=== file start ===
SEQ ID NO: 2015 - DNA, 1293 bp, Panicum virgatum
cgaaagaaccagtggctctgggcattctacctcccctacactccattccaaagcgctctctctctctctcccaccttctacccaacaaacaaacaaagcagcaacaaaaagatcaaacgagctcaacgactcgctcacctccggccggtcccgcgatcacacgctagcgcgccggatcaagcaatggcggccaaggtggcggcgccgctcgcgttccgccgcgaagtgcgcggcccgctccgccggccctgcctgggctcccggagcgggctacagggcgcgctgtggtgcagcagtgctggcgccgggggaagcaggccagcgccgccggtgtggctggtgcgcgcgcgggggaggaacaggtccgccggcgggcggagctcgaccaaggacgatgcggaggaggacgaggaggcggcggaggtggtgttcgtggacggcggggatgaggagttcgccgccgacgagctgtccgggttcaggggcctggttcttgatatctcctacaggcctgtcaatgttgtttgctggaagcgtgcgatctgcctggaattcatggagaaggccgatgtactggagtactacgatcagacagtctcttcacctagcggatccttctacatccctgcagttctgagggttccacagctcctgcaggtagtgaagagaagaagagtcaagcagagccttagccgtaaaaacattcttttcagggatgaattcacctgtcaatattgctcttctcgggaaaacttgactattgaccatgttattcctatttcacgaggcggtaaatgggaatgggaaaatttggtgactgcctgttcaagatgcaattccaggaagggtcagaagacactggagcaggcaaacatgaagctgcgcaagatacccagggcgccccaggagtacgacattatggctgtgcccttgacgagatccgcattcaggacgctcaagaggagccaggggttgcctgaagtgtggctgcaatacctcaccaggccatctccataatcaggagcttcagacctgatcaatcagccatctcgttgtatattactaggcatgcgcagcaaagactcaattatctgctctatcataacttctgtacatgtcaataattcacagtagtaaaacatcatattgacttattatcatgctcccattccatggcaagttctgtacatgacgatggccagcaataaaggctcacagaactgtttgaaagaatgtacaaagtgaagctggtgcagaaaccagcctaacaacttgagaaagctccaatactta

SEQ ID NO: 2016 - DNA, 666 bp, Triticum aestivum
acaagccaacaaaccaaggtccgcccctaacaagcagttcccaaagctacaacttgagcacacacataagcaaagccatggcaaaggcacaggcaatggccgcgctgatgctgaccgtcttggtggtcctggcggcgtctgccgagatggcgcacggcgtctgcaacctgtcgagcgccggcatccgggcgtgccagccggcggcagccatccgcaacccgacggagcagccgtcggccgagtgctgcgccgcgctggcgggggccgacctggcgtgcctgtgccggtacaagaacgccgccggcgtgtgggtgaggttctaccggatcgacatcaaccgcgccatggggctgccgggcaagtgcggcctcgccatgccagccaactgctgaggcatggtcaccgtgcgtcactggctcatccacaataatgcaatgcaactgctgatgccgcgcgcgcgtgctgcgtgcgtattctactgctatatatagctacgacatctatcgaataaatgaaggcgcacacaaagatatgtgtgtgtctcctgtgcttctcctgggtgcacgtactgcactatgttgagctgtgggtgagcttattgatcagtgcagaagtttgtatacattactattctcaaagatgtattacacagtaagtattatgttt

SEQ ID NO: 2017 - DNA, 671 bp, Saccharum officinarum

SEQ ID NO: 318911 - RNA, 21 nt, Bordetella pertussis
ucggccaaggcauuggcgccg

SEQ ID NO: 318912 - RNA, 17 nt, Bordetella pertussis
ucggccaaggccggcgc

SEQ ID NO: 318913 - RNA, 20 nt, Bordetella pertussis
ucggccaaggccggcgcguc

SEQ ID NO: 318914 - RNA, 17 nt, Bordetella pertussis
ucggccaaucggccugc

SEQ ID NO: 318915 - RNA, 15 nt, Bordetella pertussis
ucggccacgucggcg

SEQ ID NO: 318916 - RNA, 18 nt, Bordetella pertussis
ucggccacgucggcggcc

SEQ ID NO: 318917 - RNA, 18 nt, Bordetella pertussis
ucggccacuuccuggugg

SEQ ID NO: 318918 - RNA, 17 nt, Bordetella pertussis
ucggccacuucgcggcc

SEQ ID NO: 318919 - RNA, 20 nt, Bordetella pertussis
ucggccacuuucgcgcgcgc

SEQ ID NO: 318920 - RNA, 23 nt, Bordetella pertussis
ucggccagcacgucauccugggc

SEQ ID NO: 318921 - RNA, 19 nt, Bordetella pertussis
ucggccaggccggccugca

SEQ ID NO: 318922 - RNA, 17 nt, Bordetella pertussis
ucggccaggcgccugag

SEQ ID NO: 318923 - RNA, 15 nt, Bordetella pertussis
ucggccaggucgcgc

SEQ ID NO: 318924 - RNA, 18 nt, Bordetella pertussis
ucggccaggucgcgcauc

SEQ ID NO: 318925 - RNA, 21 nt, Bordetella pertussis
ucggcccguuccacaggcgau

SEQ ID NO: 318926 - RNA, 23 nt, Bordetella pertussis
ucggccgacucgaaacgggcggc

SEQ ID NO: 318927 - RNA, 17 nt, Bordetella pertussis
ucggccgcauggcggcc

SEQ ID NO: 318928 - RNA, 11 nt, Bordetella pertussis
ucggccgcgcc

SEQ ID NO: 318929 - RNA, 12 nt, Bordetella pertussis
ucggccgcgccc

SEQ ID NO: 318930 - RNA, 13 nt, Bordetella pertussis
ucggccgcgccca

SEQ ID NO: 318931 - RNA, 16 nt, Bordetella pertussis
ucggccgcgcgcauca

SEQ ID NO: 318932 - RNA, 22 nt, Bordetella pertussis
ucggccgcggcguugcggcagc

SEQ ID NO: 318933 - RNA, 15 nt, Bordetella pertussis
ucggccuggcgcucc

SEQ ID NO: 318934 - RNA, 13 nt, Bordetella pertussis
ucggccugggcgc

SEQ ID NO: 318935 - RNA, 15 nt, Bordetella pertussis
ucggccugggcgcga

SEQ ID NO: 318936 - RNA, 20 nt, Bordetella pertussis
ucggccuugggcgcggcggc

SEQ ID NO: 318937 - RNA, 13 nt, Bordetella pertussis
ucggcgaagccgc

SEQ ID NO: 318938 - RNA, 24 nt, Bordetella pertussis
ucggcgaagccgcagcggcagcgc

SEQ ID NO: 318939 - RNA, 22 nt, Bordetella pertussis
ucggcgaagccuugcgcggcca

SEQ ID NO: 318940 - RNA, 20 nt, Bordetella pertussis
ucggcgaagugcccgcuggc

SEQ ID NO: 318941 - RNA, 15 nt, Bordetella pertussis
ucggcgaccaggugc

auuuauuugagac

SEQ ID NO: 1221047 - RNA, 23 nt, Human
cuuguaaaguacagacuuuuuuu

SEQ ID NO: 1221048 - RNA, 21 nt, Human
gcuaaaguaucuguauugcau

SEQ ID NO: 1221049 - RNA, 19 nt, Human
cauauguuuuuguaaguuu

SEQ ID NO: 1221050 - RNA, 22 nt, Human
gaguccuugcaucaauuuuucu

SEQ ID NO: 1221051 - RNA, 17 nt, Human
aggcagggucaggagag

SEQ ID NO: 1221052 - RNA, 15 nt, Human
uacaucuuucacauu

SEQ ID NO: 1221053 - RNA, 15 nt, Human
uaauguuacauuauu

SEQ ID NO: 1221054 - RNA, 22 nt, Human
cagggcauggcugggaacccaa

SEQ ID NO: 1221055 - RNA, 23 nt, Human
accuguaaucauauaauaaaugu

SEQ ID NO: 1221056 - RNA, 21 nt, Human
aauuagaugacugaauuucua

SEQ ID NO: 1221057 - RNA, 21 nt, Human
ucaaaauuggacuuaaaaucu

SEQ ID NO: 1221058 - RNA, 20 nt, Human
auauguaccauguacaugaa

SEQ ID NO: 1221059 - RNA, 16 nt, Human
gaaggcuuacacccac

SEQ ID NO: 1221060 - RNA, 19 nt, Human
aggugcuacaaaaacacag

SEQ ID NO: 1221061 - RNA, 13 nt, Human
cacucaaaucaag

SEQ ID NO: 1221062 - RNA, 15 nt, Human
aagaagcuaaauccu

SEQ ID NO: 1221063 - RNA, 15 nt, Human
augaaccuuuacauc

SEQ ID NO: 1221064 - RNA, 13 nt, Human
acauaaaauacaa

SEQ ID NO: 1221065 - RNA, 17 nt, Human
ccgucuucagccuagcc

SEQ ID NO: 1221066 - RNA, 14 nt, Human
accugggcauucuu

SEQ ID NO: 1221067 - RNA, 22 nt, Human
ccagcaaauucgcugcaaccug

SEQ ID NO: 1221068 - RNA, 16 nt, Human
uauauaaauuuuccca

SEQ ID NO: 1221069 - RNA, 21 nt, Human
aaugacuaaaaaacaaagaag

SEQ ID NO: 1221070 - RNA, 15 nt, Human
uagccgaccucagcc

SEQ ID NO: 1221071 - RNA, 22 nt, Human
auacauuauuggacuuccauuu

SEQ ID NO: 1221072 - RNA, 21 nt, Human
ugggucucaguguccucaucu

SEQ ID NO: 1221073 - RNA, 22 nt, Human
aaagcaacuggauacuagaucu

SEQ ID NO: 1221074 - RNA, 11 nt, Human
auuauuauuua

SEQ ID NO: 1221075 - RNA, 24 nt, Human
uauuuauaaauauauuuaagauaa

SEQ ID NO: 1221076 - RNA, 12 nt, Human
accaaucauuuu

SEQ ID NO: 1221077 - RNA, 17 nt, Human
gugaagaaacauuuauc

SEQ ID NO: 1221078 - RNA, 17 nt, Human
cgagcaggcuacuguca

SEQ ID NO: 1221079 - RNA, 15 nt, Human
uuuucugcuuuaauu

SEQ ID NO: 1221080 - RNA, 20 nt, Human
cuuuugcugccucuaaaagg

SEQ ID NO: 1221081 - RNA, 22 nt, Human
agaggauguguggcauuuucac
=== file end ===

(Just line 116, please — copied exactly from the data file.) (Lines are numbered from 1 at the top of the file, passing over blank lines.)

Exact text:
uagccgaccucagcc